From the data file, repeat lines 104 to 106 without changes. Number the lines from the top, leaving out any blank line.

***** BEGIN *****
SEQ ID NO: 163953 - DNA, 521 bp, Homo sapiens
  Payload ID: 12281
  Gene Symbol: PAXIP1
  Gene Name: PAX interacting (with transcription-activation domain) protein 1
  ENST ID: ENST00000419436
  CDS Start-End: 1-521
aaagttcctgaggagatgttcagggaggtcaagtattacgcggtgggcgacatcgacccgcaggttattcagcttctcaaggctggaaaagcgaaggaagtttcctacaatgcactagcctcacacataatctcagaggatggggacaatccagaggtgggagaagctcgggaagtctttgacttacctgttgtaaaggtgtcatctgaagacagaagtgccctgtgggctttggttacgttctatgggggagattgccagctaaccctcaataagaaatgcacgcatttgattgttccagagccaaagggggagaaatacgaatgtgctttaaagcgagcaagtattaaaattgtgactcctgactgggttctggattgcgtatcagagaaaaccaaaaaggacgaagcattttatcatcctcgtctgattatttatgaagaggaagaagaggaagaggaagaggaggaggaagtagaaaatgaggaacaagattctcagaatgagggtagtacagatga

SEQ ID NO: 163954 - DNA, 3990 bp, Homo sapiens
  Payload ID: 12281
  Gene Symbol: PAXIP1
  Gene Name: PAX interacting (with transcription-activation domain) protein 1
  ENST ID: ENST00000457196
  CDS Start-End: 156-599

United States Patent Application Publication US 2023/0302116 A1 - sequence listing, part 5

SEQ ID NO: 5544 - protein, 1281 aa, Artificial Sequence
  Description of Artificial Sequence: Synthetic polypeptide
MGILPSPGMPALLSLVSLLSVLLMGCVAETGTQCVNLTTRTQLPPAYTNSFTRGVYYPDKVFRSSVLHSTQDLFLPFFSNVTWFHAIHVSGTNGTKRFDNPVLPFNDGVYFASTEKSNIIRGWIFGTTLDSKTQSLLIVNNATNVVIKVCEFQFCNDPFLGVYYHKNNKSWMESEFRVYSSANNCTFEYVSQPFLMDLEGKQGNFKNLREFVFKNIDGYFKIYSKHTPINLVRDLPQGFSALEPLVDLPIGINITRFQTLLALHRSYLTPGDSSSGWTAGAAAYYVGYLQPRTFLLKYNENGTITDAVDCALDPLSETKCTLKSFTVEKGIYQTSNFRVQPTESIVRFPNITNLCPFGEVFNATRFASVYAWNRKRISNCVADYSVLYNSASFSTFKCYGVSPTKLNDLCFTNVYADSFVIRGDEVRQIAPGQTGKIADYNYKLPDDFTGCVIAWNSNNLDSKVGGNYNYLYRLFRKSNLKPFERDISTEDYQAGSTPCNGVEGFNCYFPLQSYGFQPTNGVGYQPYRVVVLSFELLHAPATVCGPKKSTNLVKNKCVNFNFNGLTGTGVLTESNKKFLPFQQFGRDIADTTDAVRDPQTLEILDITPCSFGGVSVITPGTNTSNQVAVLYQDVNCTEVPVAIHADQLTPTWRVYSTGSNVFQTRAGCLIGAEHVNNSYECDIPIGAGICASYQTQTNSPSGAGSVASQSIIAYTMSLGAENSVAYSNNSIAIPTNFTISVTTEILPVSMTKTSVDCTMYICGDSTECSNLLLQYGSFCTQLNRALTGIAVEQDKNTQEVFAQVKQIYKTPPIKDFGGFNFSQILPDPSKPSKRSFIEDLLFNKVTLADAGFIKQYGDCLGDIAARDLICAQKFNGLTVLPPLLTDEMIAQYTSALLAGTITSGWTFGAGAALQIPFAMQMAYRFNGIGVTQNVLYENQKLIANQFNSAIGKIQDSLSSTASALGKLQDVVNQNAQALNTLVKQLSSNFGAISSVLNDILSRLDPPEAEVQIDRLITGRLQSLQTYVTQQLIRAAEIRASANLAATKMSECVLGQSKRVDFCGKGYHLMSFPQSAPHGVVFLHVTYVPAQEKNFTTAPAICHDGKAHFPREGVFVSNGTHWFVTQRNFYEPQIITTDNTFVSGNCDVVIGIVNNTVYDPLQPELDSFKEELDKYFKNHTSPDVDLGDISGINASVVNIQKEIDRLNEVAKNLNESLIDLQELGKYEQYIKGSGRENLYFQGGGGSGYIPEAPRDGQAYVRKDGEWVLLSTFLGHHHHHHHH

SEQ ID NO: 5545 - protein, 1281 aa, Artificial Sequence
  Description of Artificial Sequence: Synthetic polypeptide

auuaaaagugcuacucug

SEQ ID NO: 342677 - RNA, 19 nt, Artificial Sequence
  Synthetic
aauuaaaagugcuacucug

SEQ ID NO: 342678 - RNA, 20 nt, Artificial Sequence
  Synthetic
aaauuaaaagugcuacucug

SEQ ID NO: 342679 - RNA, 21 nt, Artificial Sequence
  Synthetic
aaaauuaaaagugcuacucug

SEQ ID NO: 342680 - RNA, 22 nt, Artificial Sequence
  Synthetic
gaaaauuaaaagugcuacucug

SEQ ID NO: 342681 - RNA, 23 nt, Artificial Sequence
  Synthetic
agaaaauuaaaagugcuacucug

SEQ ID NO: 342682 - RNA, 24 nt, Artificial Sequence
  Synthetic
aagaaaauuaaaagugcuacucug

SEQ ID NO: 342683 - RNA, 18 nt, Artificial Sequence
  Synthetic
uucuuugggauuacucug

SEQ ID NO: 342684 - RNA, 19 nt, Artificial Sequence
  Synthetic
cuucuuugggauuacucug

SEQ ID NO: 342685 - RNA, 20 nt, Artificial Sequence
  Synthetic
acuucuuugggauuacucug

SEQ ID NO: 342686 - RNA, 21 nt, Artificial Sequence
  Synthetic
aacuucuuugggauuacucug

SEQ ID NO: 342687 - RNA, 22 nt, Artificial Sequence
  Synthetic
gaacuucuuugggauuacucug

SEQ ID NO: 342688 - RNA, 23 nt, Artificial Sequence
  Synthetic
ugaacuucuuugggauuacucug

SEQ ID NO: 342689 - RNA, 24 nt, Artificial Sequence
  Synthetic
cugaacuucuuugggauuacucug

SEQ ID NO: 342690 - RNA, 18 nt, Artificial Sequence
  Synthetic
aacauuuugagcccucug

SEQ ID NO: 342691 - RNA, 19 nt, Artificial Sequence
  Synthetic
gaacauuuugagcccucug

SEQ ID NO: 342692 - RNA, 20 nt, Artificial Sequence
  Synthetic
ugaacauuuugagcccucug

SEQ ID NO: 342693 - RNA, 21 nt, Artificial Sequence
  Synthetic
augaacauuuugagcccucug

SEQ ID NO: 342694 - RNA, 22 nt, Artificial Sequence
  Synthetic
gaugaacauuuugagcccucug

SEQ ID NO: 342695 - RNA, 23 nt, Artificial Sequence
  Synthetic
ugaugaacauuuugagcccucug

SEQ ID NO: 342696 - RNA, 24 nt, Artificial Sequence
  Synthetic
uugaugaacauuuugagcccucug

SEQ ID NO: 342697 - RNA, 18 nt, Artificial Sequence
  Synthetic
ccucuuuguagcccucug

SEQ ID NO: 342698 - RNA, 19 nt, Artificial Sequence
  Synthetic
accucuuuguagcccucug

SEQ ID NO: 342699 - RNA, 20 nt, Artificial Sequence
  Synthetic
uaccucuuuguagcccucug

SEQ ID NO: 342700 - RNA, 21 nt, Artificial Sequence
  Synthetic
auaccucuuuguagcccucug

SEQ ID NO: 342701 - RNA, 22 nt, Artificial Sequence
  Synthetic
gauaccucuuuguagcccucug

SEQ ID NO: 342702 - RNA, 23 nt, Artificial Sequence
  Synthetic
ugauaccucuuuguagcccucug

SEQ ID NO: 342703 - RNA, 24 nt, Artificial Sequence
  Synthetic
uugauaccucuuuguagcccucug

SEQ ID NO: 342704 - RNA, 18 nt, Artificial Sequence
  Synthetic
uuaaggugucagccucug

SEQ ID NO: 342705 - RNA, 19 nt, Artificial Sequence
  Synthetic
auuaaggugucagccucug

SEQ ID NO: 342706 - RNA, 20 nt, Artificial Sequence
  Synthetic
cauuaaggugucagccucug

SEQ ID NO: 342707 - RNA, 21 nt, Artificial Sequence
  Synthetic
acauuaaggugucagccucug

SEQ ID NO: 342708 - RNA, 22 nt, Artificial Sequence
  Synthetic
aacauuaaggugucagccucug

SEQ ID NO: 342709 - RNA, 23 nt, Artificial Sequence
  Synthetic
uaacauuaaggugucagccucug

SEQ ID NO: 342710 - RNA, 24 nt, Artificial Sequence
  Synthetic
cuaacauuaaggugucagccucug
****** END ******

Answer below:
uuaaggugucagccucug

SEQ ID NO: 342705 - RNA, 19 nt, Artificial Sequence
  Synthetic